Real Estate Frauds continued
Tips on Fighting Identity Fraud
Here are some tips to fight identity fraud:
- Get picture identification from all the owners (unless you are absolutely certain of the identity of the clients through your personal knowledge).
- Keep a copy of the identification in your files (front and back if applicable).
- Give only the assurances you can to the lender (remember ss. 41 to 48 of the Land Title Act simply requires you to certify that you believe that the person signing is who they say they are, not that they are in fact who they say they are).
- Be wary of powers of attorney or deals that must be closed urgently.
- As in value fraud situations, if financing is involved be sure to follow the BC Code provisions (see below in footnote 5 and accompanying text), then advise the lender of the odd circumstances surrounding the mortgage loan and get further instructions from the lender documented in writing before proceeding with any advance.
- Take steps to protect against corporate identity fraud (i.e., fraudster posing as authorized signatory):
- obtain your own corporate search; don't rely on the client's copy;
- obtain picture identification just as you would for an individual signing on their own behalf;
- if giving a solicitor's opinion, don't make an assumption as to the genuineness of signatures;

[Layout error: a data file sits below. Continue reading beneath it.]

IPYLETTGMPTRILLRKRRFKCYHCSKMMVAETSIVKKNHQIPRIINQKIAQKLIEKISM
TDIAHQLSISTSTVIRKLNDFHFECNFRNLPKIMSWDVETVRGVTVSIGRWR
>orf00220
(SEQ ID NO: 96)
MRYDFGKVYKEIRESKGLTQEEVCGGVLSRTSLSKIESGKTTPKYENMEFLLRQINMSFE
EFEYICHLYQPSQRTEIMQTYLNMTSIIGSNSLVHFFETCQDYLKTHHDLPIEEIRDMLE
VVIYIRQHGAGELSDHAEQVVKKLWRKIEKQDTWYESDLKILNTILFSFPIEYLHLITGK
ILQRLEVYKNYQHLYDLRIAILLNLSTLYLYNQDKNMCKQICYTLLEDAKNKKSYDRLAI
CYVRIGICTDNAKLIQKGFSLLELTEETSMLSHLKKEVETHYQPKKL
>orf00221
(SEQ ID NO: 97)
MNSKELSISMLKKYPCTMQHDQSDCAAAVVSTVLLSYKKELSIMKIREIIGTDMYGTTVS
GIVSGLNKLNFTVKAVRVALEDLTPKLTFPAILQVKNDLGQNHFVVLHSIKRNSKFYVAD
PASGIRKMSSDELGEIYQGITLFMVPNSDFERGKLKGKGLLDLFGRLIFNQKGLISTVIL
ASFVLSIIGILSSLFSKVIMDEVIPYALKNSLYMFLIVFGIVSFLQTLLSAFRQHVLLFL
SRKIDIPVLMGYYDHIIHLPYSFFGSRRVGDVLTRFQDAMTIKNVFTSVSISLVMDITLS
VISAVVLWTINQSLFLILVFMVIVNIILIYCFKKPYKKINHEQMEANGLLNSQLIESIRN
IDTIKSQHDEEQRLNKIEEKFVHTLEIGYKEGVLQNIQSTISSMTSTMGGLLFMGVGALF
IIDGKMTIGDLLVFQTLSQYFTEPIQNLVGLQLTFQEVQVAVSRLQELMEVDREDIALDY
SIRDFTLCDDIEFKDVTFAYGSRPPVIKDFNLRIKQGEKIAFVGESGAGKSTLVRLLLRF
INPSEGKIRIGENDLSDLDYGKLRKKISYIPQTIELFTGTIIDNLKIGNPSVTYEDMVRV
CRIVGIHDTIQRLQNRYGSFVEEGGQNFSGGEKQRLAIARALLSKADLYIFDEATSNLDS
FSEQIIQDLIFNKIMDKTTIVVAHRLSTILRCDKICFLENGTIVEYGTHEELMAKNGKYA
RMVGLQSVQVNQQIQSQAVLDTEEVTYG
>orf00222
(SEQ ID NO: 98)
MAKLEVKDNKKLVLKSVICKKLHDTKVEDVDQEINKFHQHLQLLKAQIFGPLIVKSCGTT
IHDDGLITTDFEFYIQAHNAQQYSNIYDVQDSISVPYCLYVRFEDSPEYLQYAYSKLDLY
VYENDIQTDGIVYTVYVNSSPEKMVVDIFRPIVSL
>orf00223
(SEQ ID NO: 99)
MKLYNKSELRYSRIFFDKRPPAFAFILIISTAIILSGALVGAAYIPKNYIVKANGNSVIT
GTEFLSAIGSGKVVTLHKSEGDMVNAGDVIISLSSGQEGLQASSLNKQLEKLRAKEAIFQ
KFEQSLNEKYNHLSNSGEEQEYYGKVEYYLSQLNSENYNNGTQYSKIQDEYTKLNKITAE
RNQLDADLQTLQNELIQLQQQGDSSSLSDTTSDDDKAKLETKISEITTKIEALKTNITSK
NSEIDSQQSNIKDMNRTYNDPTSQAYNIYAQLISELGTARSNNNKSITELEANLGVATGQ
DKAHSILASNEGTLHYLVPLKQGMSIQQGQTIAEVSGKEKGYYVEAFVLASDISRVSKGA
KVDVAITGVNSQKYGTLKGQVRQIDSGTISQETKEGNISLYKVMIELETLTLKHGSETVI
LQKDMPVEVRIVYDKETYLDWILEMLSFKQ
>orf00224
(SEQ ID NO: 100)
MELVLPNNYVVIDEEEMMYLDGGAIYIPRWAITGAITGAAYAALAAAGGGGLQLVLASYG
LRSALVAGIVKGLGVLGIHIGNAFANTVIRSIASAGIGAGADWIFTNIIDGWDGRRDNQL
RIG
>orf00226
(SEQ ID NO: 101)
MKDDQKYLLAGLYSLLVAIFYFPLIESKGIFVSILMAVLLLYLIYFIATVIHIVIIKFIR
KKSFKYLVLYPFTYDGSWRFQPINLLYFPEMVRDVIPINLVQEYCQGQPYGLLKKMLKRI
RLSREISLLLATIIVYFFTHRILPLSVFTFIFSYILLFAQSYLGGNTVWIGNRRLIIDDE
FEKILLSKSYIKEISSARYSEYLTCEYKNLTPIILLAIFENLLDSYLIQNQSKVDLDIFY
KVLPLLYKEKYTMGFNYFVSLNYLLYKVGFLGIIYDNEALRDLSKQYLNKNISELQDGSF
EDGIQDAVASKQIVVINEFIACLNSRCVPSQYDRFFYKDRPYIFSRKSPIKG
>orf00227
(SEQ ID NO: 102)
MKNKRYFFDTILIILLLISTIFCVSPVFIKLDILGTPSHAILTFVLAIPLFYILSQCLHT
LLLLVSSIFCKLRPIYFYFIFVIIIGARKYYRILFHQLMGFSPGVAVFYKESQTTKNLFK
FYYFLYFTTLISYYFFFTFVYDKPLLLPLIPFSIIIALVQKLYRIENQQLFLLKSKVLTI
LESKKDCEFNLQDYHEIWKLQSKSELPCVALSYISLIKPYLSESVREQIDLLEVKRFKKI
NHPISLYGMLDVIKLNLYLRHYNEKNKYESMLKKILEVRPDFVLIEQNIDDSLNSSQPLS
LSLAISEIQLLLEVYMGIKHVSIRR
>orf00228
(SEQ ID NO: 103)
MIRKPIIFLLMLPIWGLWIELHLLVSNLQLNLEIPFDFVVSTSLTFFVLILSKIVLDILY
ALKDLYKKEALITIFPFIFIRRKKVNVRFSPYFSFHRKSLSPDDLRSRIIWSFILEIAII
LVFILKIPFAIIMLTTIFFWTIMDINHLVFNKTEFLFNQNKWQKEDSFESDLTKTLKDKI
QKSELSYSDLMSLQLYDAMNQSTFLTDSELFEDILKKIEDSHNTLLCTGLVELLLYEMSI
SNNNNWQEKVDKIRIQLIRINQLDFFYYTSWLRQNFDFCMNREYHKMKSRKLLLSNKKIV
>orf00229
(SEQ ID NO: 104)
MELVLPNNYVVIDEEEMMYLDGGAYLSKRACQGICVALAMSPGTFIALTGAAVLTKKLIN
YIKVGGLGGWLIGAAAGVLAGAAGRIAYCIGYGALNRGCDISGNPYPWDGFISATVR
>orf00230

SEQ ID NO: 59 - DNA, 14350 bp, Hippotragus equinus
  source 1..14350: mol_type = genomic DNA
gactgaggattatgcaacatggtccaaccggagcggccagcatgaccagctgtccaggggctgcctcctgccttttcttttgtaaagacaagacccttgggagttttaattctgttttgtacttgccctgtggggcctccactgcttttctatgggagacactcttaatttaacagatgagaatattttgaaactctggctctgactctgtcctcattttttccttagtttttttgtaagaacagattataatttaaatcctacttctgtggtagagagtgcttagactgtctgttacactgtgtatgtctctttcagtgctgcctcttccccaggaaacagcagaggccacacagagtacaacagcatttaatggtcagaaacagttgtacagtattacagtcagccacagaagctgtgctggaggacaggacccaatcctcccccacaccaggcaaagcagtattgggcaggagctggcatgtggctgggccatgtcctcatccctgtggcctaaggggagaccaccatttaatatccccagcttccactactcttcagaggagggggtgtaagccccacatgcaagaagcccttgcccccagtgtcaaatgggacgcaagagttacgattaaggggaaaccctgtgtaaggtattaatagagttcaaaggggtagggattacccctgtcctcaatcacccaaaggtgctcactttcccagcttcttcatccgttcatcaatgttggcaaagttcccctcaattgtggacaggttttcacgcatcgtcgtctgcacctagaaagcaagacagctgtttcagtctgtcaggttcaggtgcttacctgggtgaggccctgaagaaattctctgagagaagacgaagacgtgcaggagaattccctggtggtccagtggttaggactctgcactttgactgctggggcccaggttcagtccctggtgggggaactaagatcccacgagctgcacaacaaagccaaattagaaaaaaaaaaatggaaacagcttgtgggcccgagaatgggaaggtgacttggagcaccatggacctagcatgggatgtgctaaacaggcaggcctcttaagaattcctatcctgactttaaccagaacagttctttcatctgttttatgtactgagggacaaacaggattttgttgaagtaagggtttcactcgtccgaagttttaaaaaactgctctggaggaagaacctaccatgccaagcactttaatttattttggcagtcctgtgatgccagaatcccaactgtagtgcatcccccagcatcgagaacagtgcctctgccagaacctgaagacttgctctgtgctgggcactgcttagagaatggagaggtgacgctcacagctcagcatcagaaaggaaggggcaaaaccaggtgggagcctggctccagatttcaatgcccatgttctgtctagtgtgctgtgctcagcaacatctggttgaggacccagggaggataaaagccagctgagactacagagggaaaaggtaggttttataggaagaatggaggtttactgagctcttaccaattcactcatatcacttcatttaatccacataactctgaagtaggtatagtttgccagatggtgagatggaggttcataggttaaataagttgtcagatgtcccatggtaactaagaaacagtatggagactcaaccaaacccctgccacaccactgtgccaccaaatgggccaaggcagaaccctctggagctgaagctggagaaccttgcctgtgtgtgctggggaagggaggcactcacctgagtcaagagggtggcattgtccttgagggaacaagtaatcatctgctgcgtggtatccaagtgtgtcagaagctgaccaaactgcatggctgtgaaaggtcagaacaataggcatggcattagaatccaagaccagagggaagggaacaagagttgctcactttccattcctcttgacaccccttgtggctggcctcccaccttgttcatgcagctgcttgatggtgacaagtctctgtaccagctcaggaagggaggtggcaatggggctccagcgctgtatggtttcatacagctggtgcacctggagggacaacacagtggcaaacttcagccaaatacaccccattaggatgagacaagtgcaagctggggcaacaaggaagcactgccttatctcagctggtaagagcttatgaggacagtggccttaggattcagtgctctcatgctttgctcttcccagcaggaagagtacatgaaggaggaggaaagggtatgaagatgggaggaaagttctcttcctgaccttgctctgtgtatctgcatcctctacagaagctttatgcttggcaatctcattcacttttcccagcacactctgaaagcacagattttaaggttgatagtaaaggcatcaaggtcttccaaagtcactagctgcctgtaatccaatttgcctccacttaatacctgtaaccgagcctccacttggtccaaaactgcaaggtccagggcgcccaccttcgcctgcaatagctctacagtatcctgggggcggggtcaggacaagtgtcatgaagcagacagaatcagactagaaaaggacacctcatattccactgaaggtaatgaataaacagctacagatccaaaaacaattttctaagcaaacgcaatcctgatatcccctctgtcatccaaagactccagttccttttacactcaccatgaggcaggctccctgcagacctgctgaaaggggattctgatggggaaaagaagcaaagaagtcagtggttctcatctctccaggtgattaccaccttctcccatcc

- satisfy yourself that proper corporate authority is given to the signatory and that any requirements in the bylaws regarding multiple signatures are met.
5 Ideally you will have a signed conflict consent as required by Appendix C, rule 5 of the BC Code. However, that may not have happened if you have been dealing with a fraudster. But even if you have not been able to obtain the signed conflict consent as required in Appendix C, at least make sure you have advised your clients of all the information contained in Chapter 3, rules 3.4-5 to 3.4-7 of the BC Code. (In essence, tell all clients nothing can be kept in confidence one from the other and that you will be disclosing all relevant information.) Document that advice in your file and it will go a long way toward allowing you to tell both clients all salient information. If for any reason you feel that you are compromised in your ability to discuss the information with the lender, contact a staff lawyer at the LSBC to discuss the best way to proceed.